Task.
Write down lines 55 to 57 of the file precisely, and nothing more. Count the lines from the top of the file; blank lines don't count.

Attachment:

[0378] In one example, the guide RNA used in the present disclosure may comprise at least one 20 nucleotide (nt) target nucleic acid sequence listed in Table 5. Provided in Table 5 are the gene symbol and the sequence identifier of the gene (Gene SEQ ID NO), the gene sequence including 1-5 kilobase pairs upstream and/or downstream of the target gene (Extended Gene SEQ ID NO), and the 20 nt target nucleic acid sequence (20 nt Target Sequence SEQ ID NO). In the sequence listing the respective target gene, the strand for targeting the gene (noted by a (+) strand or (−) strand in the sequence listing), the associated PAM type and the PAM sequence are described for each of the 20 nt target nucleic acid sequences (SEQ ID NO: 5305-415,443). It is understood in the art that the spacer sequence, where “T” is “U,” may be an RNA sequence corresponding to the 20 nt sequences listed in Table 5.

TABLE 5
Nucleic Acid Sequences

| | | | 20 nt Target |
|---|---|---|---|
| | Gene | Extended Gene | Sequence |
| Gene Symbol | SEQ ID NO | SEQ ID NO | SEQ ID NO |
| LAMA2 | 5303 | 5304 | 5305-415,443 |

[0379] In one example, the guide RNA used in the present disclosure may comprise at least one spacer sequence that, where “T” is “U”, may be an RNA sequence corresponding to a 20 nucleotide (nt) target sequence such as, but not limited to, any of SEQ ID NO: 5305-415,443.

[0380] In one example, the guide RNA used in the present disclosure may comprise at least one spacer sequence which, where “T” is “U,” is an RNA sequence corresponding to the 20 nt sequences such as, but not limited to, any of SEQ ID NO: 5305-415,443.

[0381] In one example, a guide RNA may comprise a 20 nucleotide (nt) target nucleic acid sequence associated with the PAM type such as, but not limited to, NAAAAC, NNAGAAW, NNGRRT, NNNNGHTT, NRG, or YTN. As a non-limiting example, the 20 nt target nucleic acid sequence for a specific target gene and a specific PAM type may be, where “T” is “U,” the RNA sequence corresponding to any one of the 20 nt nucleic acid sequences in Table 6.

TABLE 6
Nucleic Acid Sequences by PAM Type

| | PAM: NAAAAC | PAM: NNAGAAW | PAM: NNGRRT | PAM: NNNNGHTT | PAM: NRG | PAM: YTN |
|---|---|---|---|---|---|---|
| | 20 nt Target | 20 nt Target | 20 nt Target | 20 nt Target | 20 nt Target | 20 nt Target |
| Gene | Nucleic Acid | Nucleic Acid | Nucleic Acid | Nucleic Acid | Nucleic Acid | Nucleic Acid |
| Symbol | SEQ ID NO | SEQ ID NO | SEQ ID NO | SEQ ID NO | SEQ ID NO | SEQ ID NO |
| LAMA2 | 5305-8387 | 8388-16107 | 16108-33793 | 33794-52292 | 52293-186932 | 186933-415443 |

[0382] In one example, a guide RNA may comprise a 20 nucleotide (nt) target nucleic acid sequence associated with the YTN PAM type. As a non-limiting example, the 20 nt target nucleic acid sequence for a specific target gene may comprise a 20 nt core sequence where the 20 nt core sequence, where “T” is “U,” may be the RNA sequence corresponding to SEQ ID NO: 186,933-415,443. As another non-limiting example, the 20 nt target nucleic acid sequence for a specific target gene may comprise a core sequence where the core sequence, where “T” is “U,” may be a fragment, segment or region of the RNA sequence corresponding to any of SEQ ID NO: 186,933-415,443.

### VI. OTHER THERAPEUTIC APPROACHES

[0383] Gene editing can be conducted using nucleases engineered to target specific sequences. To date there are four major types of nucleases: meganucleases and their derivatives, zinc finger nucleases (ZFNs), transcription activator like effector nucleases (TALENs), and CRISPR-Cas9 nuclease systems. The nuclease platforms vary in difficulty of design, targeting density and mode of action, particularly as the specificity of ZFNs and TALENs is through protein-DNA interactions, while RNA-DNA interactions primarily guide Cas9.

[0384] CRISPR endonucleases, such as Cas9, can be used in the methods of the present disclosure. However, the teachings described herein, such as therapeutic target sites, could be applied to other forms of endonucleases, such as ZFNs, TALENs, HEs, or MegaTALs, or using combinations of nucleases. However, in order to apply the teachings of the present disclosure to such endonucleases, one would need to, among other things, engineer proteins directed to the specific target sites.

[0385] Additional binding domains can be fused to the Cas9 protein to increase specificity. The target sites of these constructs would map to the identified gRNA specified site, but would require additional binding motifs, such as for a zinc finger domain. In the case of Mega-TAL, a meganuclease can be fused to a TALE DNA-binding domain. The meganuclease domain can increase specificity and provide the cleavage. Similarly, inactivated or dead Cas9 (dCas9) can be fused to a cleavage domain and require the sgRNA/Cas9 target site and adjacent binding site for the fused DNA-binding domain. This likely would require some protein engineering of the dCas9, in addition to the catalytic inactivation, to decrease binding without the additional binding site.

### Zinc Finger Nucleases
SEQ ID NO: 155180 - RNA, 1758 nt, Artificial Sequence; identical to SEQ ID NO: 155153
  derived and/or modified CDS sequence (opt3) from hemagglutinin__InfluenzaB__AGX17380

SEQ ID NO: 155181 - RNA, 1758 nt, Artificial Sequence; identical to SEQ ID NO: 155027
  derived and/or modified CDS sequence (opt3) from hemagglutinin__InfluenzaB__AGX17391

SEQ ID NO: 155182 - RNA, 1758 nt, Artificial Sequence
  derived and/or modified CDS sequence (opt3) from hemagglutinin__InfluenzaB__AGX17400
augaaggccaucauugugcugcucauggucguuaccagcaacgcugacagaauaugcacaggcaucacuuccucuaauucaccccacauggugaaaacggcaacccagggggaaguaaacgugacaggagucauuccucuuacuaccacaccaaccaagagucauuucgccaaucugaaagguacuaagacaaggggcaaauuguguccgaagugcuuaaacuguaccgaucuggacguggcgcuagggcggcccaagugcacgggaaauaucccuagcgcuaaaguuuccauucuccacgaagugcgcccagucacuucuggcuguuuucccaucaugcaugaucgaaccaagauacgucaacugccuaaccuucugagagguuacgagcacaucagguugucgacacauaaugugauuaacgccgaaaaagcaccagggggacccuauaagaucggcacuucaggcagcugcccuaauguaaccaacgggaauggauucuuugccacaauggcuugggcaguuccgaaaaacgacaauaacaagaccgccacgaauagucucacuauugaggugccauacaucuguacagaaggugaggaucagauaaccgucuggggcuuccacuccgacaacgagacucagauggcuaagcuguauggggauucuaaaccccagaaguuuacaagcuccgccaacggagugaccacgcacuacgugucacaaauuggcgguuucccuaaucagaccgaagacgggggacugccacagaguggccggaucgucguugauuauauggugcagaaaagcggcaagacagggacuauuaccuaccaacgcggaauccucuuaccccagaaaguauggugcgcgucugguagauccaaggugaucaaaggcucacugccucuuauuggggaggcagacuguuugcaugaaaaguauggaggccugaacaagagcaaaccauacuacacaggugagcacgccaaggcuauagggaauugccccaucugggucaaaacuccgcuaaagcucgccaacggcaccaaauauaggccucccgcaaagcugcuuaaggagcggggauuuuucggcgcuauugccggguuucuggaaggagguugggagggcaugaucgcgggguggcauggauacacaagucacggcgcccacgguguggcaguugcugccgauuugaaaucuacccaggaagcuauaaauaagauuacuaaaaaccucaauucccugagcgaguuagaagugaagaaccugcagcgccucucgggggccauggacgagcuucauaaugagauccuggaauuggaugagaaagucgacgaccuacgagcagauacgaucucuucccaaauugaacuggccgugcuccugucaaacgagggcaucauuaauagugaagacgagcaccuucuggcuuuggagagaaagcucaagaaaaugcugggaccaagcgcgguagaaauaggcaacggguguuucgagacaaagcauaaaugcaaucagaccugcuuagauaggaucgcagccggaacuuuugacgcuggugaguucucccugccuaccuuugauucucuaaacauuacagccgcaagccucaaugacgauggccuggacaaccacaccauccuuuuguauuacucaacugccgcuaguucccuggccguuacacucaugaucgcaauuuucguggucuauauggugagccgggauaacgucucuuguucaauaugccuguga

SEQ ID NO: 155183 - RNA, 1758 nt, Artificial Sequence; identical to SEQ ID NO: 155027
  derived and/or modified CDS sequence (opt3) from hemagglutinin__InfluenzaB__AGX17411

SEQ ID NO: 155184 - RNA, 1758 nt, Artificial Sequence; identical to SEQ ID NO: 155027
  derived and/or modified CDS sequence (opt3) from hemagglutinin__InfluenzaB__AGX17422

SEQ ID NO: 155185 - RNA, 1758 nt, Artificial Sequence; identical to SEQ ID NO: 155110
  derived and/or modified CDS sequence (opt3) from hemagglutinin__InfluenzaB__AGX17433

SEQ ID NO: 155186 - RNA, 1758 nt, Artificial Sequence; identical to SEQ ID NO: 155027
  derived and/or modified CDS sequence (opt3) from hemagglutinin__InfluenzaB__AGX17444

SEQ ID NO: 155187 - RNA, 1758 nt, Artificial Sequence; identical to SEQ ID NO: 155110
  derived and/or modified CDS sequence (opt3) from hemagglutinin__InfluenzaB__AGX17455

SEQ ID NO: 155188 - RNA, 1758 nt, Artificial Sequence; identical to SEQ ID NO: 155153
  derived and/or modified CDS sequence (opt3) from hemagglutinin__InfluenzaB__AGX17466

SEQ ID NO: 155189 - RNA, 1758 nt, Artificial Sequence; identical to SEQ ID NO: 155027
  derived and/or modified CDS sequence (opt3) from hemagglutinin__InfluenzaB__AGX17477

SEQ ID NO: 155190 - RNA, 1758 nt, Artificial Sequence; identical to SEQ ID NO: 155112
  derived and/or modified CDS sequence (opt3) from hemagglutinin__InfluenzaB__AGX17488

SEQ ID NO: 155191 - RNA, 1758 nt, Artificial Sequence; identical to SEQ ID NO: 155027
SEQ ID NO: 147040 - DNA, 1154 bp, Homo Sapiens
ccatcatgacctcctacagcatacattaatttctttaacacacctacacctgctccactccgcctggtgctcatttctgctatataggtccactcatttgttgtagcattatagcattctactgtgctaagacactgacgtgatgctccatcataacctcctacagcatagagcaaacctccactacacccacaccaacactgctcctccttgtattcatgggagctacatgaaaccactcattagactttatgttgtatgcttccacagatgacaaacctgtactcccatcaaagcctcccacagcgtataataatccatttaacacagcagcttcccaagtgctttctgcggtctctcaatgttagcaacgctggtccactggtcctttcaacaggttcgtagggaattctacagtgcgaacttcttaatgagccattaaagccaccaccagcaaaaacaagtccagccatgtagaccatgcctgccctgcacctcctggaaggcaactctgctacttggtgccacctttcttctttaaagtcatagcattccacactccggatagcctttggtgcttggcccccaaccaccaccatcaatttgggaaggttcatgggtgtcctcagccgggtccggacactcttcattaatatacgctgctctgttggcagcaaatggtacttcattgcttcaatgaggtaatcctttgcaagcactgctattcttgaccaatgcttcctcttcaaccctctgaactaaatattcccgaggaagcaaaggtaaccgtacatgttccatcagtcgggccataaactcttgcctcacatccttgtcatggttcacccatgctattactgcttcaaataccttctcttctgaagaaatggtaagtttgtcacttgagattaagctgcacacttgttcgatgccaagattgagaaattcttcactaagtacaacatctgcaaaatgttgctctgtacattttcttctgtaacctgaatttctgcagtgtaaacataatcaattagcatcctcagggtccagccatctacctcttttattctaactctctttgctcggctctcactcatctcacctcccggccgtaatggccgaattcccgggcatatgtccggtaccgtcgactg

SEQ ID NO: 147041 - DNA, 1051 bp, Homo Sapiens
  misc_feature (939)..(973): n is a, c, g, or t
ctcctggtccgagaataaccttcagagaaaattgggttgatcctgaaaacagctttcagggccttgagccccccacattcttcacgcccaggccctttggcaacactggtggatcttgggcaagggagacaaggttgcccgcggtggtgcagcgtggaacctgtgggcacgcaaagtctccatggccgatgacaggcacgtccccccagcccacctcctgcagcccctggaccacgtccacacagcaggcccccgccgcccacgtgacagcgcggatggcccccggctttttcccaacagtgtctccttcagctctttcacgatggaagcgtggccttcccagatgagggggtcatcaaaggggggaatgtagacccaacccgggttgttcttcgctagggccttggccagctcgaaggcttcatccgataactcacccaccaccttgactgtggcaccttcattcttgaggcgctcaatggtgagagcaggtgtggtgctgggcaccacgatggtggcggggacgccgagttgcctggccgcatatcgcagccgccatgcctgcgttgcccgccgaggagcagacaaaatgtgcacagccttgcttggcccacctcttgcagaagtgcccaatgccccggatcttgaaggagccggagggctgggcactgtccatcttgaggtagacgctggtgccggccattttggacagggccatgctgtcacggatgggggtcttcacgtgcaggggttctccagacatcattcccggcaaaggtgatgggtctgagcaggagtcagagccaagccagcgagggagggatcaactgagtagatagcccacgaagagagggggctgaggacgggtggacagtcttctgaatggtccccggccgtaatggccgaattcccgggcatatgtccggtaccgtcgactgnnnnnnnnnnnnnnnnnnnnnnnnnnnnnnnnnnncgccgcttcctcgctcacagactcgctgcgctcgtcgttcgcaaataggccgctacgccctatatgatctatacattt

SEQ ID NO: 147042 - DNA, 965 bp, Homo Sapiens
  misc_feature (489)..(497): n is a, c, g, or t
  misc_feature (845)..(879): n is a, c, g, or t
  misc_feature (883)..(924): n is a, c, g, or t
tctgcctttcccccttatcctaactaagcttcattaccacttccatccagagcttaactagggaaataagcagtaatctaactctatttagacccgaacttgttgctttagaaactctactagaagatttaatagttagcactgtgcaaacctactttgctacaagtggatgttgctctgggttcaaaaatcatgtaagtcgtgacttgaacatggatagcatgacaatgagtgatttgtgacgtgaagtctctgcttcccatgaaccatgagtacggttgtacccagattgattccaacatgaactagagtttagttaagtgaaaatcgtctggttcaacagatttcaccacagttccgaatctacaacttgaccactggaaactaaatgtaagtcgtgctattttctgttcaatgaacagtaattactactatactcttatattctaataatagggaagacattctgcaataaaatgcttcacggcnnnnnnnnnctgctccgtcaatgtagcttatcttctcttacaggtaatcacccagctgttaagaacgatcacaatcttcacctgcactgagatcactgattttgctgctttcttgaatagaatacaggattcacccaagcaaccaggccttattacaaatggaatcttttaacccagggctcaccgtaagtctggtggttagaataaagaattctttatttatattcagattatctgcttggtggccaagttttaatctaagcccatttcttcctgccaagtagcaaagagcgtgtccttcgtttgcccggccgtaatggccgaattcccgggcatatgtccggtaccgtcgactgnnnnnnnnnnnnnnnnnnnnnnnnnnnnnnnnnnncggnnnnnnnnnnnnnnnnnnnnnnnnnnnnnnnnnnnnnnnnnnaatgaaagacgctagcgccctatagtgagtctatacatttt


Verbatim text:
SEQ ID NO: 147042 - DNA, 965 bp, Homo Sapiens
  misc_feature (489)..(497): n is a, c, g, or t
  misc_feature (845)..(879): n is a, c, g, or t